Click-Through Rate Prediction
Online advertising allows advertisers to only bid and pay for measurable user responses, such as clicks on ads. As a consequence, click prediction systems are central to most on-line advertising systems. We introduce a new Bayesian click-through rate (CTR) prediction algorithm based on a probit regression model that maps discrete or real-valued input features to probabilities. It maintains Gaussian beliefs over weights of the model and performs Gaussian online updates derived from approximate message passing. Scalability of the algorithm is ensured through a principled weight pruning procedure and an approximate parallel implementation. In practice, the model combines decision trees with logistic regression, outperforming either of these methods on its own. The most important thing is to have the right features: those capturing historical information about the user or ad dominate other types of features. Picking the optimal handling for data freshness, learning rate schema and data sampling improve the model slightly, though much less than adding a high-value feature, or picking the right model to begin with.
Practical Lessons from Predicting Clicks on Ads at Facebook Proceedings Article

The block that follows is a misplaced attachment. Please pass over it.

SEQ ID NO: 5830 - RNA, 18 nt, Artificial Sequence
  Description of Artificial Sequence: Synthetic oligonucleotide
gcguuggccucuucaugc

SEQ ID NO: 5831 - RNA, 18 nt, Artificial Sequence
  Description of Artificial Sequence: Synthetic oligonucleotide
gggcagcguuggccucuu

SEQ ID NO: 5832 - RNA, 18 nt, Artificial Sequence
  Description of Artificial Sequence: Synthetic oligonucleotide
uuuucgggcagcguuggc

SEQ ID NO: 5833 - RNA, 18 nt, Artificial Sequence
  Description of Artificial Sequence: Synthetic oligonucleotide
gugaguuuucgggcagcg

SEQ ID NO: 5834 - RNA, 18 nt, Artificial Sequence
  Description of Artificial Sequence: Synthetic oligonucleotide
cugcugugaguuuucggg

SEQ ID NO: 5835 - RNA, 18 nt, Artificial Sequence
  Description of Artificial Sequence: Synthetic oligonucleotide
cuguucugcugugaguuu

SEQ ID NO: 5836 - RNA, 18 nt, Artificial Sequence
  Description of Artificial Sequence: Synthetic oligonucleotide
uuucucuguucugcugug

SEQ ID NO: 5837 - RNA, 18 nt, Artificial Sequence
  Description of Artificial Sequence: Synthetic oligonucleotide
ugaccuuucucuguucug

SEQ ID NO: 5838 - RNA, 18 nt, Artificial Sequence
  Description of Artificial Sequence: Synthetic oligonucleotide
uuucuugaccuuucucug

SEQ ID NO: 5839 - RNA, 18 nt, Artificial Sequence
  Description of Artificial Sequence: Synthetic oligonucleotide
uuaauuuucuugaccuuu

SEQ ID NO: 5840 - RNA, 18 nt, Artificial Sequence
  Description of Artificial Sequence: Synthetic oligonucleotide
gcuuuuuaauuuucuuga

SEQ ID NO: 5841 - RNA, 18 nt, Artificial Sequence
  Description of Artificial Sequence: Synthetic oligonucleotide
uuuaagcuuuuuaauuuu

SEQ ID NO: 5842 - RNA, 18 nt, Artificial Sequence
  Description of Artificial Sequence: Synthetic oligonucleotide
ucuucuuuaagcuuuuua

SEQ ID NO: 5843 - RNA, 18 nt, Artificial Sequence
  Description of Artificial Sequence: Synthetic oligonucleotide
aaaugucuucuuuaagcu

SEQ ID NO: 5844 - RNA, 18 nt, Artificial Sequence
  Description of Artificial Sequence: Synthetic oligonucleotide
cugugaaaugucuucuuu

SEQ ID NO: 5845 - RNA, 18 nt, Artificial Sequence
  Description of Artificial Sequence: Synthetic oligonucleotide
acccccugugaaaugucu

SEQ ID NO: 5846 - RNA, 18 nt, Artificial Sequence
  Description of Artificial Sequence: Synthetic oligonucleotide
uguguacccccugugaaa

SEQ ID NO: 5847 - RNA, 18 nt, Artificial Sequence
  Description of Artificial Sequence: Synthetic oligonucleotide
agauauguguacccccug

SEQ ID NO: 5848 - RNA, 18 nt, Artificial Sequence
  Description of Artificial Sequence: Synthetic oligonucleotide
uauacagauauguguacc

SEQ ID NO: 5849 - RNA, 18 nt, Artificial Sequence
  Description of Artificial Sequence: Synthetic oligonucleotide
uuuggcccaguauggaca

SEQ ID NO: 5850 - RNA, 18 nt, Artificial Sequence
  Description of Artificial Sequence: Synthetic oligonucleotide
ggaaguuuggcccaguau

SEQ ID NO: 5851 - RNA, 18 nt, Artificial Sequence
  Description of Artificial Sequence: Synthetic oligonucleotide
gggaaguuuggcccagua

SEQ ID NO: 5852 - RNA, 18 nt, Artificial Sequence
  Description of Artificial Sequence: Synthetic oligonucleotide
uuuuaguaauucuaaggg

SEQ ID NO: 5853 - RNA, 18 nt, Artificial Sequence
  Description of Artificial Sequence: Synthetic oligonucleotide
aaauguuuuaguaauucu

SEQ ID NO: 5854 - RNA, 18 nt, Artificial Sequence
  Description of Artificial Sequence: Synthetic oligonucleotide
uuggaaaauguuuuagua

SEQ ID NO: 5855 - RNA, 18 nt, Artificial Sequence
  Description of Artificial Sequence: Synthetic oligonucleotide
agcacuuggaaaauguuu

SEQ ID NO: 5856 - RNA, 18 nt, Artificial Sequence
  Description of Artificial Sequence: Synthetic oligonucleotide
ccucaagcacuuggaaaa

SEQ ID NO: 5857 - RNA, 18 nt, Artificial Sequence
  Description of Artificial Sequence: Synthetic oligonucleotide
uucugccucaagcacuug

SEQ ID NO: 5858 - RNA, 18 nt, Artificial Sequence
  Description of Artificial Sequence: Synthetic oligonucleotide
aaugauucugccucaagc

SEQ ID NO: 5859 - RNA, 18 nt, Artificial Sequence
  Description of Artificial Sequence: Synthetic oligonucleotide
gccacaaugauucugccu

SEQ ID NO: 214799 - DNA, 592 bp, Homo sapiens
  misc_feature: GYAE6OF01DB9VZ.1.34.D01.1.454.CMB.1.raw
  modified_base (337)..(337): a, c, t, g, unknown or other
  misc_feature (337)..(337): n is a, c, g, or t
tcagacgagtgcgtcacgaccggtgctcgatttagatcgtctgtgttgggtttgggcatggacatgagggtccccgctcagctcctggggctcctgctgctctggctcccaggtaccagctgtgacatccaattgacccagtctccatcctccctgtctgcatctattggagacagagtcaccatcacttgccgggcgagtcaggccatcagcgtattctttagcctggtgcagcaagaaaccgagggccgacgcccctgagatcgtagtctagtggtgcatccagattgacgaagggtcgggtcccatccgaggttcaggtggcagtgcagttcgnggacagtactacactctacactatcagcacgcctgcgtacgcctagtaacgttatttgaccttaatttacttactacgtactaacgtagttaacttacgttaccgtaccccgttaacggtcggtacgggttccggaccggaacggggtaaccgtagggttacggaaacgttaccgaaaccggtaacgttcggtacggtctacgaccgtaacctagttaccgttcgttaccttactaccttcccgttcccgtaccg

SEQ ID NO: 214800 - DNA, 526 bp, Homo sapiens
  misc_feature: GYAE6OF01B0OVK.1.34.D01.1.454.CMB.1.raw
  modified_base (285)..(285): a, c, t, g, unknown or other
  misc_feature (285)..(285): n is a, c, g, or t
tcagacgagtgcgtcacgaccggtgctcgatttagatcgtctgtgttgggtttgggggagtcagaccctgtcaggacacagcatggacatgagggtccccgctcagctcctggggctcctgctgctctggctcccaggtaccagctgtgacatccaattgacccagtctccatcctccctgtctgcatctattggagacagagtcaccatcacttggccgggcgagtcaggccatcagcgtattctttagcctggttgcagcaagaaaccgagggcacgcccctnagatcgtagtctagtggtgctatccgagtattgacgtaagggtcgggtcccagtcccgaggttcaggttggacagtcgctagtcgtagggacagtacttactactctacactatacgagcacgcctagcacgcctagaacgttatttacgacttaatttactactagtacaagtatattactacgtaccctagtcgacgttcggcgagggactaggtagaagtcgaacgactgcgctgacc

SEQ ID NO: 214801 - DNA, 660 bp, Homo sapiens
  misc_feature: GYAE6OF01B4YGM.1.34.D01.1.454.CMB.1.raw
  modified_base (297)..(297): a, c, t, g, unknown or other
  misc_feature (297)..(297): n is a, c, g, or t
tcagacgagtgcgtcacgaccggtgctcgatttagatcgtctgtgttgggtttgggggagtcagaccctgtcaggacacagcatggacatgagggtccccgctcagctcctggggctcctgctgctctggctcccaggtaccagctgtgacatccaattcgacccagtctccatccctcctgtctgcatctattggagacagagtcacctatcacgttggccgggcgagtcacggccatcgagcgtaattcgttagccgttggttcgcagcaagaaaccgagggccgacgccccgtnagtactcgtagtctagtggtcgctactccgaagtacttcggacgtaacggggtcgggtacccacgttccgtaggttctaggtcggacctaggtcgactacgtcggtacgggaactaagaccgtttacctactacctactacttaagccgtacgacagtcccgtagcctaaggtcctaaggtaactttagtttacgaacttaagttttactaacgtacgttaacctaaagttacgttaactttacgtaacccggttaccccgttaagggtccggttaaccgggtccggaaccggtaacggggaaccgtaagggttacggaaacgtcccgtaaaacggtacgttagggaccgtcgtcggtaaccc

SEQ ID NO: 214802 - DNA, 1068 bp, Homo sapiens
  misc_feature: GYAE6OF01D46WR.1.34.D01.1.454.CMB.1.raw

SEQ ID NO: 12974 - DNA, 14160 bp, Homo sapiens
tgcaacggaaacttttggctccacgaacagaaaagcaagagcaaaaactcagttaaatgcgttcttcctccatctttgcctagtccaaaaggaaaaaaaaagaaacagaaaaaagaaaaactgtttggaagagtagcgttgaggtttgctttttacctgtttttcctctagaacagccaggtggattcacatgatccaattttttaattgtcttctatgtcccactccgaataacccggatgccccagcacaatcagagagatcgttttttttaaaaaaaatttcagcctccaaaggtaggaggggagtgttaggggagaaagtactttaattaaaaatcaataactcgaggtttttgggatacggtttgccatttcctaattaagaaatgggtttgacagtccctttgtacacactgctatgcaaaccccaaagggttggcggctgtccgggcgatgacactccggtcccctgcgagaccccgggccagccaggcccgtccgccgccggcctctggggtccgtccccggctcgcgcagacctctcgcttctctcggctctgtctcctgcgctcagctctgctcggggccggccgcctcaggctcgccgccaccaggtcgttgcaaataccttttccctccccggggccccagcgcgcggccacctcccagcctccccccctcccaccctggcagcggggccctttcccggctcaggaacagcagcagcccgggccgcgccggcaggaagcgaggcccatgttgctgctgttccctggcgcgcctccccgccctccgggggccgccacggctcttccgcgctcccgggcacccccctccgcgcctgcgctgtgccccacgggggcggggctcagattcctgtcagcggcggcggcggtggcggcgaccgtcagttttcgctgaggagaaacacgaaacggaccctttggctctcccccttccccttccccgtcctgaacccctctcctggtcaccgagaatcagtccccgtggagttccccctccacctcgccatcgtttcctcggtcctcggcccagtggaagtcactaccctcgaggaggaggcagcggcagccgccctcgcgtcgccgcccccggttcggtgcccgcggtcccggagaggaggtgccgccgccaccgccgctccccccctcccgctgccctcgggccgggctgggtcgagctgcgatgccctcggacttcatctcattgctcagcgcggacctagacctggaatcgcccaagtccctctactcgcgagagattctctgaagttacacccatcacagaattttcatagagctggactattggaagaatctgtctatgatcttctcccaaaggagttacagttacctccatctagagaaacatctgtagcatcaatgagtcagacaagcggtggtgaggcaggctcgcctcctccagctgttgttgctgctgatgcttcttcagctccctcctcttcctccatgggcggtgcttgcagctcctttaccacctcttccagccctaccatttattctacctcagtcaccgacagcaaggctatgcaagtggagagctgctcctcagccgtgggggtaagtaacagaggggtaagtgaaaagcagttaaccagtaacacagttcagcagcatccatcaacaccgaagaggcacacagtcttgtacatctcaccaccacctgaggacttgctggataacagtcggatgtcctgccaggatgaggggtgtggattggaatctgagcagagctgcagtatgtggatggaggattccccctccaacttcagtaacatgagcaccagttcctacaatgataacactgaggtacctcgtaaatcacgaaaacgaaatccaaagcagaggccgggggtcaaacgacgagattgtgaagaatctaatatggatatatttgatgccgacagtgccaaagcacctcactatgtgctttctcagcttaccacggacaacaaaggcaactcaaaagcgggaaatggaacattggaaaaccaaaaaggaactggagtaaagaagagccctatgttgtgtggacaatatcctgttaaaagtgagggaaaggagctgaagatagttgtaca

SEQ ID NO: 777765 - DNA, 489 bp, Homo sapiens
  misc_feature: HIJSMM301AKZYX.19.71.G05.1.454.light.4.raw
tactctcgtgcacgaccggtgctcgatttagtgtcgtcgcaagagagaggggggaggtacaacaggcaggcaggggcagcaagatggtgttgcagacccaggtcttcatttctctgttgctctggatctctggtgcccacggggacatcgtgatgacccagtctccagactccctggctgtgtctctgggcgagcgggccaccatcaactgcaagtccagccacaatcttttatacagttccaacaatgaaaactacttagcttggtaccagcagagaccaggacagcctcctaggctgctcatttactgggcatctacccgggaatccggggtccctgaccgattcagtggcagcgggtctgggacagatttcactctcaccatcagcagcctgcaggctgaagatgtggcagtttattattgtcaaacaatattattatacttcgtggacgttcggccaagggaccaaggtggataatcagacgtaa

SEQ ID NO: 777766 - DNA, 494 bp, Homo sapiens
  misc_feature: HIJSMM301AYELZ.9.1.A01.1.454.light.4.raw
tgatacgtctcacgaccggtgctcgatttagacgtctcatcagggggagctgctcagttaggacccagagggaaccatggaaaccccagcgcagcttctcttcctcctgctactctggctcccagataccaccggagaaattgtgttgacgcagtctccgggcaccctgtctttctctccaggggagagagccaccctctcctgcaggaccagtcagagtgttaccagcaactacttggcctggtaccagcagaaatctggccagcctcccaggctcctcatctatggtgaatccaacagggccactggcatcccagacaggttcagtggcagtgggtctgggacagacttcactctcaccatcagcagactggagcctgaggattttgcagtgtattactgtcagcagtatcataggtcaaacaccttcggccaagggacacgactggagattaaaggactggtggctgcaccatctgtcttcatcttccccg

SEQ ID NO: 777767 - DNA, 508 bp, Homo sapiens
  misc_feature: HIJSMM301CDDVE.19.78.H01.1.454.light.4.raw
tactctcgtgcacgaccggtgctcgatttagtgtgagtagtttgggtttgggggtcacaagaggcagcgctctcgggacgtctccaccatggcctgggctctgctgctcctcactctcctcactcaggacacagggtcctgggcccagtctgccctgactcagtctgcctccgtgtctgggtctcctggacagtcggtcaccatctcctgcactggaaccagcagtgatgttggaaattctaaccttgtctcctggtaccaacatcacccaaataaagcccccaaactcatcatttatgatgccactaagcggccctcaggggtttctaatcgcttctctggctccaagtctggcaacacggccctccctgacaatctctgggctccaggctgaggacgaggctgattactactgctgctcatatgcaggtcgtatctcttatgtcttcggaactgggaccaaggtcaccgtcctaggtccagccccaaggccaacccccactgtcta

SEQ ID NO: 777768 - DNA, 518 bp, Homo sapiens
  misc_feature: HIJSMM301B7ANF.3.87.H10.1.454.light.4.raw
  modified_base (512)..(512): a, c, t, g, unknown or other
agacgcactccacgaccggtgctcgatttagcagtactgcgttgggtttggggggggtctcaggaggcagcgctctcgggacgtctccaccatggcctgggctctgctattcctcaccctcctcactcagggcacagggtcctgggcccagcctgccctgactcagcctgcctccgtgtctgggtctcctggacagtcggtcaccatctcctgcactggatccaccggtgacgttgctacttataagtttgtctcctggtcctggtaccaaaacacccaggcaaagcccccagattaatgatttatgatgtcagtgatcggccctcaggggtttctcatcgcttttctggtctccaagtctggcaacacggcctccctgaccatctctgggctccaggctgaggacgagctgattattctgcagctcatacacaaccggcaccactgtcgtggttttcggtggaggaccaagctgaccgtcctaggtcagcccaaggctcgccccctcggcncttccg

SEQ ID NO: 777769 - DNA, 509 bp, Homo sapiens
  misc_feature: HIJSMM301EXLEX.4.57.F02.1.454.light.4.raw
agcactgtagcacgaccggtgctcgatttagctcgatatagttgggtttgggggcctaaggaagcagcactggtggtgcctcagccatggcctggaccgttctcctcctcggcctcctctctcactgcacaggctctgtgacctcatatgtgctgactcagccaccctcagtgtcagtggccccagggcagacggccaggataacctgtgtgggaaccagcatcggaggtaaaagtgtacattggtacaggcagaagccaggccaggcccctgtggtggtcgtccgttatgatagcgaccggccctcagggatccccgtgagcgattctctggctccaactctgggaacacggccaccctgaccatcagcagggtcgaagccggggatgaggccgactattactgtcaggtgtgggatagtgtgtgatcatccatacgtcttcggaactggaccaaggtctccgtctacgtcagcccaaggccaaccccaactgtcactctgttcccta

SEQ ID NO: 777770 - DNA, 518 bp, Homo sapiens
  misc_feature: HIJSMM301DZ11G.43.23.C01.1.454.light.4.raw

In: Proceedings of 20th ACM SIGKDD Conference on Knowledge Discovery and Data Mining, pp. 1–9, ACM 2014.
In: Proceedings of the 27th International Conference on Machine Learning, pp. 13–20, 2010.
We developed an efficient Bayesian online learning algorithm for clustering advertisements based on the keywords they have been subscribed to. The proposed approach scales well for large datasets, and compares favorably to other clustering algorithms on advertisements. As a concrete application to online advertising, we show how the learned model can be used to recommend new keywords for given advertisements.
Scalable Clustering and Keyword Suggestion for Online Advertisements Proceedings Article
In: Proceedings of 3rd Annual International Workshop on Data Mining and Audience Intelligence for Advertising, pp. 27–36, 2009.